Who Are We?

LCR aims to offer commercially competitive recycling options with an emphasis on environmentally sound management including assistance with notification procedures where necessary. We are partnered with fully licenced recycling facilities in Europe and the Far East.

The spent catalysts are recycled and used to produce high-quality metal salts for final applications including new catalyst manufacture, pigments and CO2 removal processes.

However the importance of environmentally sound recycling options has grown significantly in recent years due to the pressure both legislatively and environmentally. National and international requirements for spent catalyst generators have forced refiners to comply with increasingly restrictive legislation.Recycling of Nickel and Cobalt

This situation has now been exacerbated by the downturn in the metal markets worldwide. For example, from 2003 until 2013 the price of Molybdenum, the main metal of value in HDS catalyst, remained above $10 per lb, peaking at over $45 per lb in 2004.

Offering Something Different

But since the end of 2013, the price has fallen to below $ 5 per lb and despite the recent recovery to above $8 per lb the future remains unclear. The major usage for Molybdenum is in the steel industry and due to the downturn in the steel market, particularly in China, supply far outstrips demand and until the industry recovers prices are likely to remain low. At these low prices we have recently witnessed a number of spent catalyst recycling facilities being unable to make a profit and choosing to exit the market. In some cases the decision has been to mothball their facilities in the hope of re-entering the market at a later date but others have been forced into permanent closure. Spent catalyst has gone from being an easily traded by-product to something of little or no value leaving refiners with fewer and fewer options and even having to consider landfill rather than recycling.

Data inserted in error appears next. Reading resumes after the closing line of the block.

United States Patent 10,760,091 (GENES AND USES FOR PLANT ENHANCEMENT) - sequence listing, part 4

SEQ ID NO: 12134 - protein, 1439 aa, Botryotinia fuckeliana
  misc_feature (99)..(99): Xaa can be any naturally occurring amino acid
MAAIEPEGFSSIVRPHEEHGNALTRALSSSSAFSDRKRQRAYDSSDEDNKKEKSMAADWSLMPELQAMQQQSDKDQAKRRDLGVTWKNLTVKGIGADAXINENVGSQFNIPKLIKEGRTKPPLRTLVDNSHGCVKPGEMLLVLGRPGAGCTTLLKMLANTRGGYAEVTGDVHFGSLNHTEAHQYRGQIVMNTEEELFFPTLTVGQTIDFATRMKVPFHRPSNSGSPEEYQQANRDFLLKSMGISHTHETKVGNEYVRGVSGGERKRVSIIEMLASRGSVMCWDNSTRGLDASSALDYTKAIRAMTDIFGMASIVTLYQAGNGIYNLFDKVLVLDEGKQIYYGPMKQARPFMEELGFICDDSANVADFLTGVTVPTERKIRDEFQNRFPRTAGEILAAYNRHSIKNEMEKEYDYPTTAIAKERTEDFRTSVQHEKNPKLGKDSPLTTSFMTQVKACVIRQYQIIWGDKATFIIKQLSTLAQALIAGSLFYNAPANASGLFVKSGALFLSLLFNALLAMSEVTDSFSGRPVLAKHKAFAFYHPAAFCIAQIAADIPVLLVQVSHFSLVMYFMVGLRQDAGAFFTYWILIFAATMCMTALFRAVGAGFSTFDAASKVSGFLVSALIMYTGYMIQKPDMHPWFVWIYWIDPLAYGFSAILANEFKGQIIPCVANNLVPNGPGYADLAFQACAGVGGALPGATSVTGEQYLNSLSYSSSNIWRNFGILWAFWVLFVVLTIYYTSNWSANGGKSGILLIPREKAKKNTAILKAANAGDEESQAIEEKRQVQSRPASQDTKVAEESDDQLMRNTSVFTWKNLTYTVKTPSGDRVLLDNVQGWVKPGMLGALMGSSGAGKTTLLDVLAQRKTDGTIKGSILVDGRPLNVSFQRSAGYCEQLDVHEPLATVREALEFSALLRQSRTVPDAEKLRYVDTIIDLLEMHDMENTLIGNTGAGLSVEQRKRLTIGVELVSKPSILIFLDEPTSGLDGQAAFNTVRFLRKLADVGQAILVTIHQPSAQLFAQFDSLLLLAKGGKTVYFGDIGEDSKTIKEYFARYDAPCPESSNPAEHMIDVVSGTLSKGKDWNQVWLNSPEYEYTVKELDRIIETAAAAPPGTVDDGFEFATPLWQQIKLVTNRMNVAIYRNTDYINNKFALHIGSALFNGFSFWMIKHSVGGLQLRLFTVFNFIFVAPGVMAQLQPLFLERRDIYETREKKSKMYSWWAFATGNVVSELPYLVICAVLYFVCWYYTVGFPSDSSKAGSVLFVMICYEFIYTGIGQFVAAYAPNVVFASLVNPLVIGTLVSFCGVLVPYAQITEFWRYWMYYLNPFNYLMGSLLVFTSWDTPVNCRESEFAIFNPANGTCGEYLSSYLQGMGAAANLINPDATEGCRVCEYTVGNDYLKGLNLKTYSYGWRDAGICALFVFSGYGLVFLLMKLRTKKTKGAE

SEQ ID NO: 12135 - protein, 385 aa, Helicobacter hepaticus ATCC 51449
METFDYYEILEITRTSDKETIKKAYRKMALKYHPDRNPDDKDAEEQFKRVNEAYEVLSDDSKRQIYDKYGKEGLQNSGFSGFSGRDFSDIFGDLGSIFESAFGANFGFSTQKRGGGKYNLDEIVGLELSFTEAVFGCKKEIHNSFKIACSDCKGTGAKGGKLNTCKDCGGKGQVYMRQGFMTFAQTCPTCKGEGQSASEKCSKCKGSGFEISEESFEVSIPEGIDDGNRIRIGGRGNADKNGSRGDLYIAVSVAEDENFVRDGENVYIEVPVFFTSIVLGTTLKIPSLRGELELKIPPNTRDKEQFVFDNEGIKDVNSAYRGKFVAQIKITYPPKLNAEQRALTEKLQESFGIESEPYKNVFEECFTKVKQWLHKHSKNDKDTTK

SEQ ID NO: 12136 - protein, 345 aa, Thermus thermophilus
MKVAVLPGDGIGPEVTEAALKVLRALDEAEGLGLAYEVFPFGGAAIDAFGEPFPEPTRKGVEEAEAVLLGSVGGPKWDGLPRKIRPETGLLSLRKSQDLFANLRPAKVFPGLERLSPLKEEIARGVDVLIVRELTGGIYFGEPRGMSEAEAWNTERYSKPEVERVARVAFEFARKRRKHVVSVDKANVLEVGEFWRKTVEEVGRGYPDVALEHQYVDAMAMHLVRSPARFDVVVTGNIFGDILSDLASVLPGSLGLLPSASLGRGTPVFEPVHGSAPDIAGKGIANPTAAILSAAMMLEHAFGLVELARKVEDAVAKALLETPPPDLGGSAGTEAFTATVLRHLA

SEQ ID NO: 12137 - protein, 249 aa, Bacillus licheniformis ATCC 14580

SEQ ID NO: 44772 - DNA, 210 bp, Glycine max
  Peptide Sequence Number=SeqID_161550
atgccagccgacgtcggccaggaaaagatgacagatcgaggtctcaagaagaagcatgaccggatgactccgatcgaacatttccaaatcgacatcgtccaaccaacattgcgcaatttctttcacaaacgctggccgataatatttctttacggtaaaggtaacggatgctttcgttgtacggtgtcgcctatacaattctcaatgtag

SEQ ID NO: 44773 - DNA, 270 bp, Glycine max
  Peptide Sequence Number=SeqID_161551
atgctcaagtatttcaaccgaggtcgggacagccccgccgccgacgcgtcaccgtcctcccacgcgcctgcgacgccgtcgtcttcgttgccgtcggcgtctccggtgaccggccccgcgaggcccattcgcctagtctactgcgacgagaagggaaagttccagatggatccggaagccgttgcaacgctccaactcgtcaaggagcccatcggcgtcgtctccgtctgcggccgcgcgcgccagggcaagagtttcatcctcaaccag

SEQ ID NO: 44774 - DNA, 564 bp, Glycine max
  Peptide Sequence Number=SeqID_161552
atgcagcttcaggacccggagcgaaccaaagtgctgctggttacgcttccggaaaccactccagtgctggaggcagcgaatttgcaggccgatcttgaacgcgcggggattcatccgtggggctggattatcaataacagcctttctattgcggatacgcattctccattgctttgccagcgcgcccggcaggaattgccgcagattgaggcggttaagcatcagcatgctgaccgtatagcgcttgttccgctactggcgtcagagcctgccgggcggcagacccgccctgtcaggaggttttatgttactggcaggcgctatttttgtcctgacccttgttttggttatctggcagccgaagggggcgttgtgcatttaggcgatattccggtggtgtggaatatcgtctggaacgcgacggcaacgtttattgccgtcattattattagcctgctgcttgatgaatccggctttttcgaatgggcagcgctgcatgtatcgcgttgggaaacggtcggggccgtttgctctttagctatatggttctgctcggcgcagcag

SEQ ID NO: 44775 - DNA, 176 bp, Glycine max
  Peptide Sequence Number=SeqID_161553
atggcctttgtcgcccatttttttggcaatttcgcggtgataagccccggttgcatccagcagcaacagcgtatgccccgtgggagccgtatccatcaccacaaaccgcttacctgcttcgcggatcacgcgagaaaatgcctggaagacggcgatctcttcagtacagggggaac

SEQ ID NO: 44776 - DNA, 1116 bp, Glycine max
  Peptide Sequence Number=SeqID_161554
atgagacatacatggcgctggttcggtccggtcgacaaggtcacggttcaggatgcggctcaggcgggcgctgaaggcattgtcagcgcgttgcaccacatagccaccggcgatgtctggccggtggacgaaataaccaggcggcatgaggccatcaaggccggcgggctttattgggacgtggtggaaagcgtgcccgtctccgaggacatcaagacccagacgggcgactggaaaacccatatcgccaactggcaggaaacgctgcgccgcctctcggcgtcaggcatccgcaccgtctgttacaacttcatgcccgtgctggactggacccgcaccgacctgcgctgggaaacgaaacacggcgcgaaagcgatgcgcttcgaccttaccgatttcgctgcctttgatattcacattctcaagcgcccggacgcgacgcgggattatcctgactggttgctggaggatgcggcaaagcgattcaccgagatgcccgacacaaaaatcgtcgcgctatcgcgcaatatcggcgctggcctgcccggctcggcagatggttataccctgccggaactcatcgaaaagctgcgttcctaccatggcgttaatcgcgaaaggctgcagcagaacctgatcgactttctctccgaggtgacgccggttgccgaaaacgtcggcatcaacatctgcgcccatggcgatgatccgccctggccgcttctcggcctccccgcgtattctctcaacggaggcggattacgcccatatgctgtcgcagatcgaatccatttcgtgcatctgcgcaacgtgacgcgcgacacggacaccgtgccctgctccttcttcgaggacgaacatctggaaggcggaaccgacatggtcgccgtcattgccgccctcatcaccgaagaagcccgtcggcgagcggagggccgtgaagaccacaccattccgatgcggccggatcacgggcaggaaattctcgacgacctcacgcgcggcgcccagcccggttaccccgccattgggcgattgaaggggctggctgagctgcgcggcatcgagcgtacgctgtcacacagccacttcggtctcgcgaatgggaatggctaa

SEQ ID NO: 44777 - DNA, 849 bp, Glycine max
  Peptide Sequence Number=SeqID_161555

Recycling Solutions

In our opinion, there should only be one answer – recycling. In a world of declining natural resources, sustainable resource management through recycling must be the chosen path wherever possible. We understand that landfilling what in most cases is a classified hazardous waste, may in the short term save some costs but it can also have a negative impact on the industry, particularly if an acceptable recycling alternative is available. But how can the refiner make an informed decision if they are not in possession of all the facts required to make the decision and do not have the necessary know-how to act upon it? We believe that the solution is to partner with a company whose business is not oil refining but is in recycling and who have the knowledge, experience and understanding required.

We at London Chemicals & Resources Ltd have over 10 years’ experience of offering generators of spent catalyst customised solutions for their spent catalyst.

For more about us, please click here.

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Contact Us

If you would like to speak to someone directly about our Nickel Sulfamate, please call us on +44 (0)20 7183 0651 or visit our contact page, or contact us via LinkedIn and we will be happy to answer any of your questions.